You can put conditions in a will on how assets will be distributed, including how much a person will receive over time. However, this only works if you are clear and spell it out so that there is no room for interpretation or contest. Likewise, if your conditions are impractical or impossible to enforce, the court may dismiss them.

For example, demanding that a child lose weight before he or she can receive their inheritance is one that the court is unlikely to approve. This is because someone would have had to monitor that beneficiary and make sure they lost their weight before assets were distributed. This means paying an executor an outrageous amount of fees for an extended period, which may even drain estate funds entirely.

Ignoring End-of-Life Care and Heroic Measures

One of the most important parts of creating a will is also naming a party who will make financial and healthcare decisions on your behalf if you become too ill or incapacitated. Without this designation, the courts would first appoint a party to make those decisions, and the party they select may not be the one you would have chosen yourself.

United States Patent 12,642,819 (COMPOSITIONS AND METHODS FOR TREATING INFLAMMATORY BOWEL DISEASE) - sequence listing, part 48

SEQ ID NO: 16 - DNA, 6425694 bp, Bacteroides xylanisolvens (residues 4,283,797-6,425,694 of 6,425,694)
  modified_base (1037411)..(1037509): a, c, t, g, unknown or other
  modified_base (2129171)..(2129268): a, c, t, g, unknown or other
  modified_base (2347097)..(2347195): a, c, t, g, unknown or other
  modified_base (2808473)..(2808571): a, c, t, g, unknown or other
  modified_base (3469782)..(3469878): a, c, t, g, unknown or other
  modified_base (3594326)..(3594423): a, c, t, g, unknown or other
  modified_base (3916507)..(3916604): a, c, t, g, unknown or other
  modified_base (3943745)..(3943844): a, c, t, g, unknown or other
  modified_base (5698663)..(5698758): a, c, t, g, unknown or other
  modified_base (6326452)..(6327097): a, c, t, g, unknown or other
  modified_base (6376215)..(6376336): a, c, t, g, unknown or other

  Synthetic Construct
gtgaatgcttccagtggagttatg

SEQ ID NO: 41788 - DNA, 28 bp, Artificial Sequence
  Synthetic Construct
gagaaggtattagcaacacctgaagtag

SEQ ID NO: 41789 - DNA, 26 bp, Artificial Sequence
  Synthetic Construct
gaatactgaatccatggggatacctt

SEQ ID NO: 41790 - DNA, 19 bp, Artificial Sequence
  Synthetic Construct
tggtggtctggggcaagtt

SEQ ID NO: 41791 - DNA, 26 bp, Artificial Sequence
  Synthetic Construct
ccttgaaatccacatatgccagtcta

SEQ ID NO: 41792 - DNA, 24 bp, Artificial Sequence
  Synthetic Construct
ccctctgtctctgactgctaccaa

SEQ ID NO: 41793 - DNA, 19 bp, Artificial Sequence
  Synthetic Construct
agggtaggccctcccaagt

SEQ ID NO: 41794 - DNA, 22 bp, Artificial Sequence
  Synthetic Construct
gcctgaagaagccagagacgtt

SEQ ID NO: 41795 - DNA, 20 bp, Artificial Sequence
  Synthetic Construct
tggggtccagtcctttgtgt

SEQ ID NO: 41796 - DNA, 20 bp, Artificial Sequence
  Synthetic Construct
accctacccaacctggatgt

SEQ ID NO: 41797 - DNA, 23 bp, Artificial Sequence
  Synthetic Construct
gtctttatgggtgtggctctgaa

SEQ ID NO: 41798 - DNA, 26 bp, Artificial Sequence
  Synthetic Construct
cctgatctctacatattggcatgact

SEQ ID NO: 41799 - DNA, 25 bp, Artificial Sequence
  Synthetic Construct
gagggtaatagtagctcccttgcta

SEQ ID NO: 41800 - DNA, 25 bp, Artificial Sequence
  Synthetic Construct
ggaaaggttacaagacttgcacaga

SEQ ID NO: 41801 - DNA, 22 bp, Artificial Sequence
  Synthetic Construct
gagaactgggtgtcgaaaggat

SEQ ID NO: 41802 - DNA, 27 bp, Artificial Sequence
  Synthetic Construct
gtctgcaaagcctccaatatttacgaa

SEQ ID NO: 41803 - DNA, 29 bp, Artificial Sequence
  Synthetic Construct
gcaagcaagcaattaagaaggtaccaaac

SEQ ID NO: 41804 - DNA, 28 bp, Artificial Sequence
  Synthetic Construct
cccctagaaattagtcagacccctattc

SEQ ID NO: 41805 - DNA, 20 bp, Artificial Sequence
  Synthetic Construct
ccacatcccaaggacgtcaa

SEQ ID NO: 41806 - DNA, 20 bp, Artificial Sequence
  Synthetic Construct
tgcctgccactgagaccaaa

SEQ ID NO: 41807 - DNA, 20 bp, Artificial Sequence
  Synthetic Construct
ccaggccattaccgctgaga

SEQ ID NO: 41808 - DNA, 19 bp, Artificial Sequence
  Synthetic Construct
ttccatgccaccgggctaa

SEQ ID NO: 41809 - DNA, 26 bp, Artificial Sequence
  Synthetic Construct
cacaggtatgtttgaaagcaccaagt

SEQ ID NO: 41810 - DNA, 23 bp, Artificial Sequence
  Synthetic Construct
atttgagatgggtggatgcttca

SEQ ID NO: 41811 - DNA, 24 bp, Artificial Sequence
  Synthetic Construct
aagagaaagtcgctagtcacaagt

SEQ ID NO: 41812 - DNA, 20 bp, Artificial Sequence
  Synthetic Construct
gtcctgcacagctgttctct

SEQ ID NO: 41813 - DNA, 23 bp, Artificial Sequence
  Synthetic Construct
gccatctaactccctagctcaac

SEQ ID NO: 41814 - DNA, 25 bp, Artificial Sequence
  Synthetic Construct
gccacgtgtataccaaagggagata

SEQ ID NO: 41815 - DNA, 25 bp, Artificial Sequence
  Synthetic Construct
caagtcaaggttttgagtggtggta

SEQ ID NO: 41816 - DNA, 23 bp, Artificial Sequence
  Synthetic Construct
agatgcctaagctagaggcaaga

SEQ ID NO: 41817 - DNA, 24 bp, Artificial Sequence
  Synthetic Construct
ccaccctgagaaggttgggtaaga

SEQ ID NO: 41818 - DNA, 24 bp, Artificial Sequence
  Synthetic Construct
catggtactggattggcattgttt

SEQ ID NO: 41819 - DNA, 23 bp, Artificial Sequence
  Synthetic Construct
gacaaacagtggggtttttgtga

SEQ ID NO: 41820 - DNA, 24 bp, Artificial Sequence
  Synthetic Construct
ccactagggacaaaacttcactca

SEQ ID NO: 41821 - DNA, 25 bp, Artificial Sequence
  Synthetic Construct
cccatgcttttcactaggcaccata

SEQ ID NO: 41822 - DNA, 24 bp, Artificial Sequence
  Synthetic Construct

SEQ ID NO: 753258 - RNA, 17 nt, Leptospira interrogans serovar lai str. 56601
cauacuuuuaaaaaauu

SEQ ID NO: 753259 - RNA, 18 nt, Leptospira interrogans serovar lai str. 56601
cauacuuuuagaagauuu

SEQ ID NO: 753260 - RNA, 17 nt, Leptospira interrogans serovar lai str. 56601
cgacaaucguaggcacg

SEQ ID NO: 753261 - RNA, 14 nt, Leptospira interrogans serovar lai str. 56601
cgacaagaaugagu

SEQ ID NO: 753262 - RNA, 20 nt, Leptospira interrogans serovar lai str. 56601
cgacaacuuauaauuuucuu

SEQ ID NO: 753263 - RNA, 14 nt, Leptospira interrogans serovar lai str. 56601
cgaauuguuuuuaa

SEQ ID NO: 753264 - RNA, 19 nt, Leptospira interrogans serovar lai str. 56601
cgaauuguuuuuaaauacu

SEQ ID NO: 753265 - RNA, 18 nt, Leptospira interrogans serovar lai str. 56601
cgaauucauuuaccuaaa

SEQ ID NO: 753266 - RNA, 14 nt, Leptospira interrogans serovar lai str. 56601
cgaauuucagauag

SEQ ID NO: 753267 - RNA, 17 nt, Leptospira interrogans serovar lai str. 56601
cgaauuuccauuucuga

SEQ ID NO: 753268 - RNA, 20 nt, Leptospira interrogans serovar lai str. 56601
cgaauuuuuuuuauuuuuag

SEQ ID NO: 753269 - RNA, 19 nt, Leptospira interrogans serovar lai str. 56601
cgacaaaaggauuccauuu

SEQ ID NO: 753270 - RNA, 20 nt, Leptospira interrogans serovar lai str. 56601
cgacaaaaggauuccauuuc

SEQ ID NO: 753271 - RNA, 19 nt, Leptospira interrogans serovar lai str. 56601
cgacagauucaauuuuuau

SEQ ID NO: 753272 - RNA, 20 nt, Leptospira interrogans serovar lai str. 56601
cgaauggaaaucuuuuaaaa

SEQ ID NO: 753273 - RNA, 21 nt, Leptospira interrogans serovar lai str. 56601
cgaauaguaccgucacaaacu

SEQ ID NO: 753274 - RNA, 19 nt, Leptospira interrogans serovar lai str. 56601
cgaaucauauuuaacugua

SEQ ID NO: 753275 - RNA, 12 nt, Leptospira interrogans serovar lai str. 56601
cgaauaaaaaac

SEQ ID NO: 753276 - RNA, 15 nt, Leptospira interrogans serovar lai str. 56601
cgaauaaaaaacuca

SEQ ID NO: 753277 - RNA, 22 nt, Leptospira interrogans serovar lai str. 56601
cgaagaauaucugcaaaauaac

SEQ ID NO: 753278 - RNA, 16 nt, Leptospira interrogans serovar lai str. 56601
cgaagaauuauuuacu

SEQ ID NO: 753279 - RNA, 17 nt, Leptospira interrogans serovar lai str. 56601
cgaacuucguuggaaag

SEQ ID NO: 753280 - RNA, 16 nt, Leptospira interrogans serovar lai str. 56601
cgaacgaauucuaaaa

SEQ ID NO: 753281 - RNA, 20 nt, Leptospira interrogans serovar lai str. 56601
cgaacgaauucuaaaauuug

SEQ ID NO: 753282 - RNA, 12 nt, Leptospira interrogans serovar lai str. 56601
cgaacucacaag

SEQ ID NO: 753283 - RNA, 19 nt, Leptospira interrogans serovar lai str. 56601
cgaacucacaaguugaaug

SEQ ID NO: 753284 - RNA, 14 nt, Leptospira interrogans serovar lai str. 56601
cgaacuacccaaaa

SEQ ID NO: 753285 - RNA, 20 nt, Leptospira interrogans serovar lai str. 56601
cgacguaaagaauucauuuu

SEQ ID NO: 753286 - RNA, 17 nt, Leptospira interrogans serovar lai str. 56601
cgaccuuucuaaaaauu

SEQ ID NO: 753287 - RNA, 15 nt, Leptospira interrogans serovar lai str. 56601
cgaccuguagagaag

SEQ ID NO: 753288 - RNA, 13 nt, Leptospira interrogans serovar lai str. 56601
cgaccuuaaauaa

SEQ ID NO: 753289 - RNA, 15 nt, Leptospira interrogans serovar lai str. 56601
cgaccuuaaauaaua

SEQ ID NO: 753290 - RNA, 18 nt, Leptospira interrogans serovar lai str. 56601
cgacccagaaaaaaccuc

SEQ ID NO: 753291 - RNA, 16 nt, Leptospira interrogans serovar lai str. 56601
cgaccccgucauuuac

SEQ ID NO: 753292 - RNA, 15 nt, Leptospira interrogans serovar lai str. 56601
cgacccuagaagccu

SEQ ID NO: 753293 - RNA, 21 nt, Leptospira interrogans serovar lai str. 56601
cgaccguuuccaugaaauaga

Forgetting about Care Instructions for Minor Children

Legally, you cannot leave assets to a child under the age of 18. Therefore, you must appoint a guardian to care for your underage children and put them in control of those assets. Likewise, you need a backup guardian in case the guardian you select can no longer care for your young children at the time they are requested. Without a backup guardian, the court must appoint one for your minor children and it could be a party you would not have wanted to raise your children.

Forgetting Past Beneficiary Designations

Another critical error common in self-made wills is beneficiaries and failing to coordinate them with beneficiary designations. When you create retirement accounts, stocks, and even bank accounts, you often are told to designate a beneficiary. The party you name then receives anything in those accounts upon your death.